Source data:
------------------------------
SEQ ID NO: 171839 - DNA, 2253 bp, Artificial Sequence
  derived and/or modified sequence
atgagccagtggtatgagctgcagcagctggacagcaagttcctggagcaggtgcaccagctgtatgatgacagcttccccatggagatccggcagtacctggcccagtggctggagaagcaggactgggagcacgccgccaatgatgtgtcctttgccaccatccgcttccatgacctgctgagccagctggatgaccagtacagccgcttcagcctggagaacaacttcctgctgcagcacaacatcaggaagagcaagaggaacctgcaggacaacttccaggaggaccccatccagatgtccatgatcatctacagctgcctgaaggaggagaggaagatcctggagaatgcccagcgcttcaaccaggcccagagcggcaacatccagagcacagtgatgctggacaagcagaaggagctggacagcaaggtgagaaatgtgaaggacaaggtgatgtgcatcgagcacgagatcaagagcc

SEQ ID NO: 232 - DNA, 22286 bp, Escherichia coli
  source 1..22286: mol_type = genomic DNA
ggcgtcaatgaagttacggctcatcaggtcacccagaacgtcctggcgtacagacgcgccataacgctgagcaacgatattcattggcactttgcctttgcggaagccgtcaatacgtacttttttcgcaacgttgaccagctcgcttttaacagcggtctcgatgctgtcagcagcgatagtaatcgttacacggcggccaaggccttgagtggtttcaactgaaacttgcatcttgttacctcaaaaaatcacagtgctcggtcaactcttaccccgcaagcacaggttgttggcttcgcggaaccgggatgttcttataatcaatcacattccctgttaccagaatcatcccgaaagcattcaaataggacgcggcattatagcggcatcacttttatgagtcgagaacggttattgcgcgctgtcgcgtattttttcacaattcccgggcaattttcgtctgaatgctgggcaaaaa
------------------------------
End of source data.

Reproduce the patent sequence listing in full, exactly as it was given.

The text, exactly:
SEQ ID NO: 171839 - DNA, 2253 bp, Artificial Sequence
  derived and/or modified sequence
atgagccagtggtatgagctgcagcagctggacagcaagttcctggagcaggtgcaccagctgtatgatgacagcttccccatggagatccggcagtacctggcccagtggctggagaagcaggactgggagcacgccgccaatgatgtgtcctttgccaccatccgcttccatgacctgctgagccagctggatgaccagtacagccgcttcagcctggagaacaacttcctgctgcagcacaacatcaggaagagcaagaggaacctgcaggacaacttccaggaggaccccatccagatgtccatgatcatctacagctgcctgaaggaggagaggaagatcctggagaatgcccagcgcttcaaccaggcccagagcggcaacatccagagcacagtgatgctggacaagcagaaggagctggacagcaaggtgagaaatgtgaaggacaaggtgatgtgcatcgagcacgagatcaagagcc

SEQ ID NO: 232 - DNA, 22286 bp, Escherichia coli
  source 1..22286: mol_type = genomic DNA
ggcgtcaatgaagttacggctcatcaggtcacccagaacgtcctggcgtacagacgcgccataacgctgagcaacgatattcattggcactttgcctttgcggaagccgtcaatacgtacttttttcgcaacgttgaccagctcgcttttaacagcggtctcgatgctgtcagcagcgatagtaatcgttacacggcggccaaggccttgagtggtttcaactgaaacttgcatcttgttacctcaaaaaatcacagtgctcggtcaactcttaccccgcaagcacaggttgttggcttcgcggaaccgggatgttcttataatcaatcacattccctgttaccagaatcatcccgaaagcattcaaataggacgcggcattatagcggcatcacttttatgagtcgagaacggttattgcgcgctgtcgcgtattttttcacaattcccgggcaattttcgtctgaatgctgggcaaaaa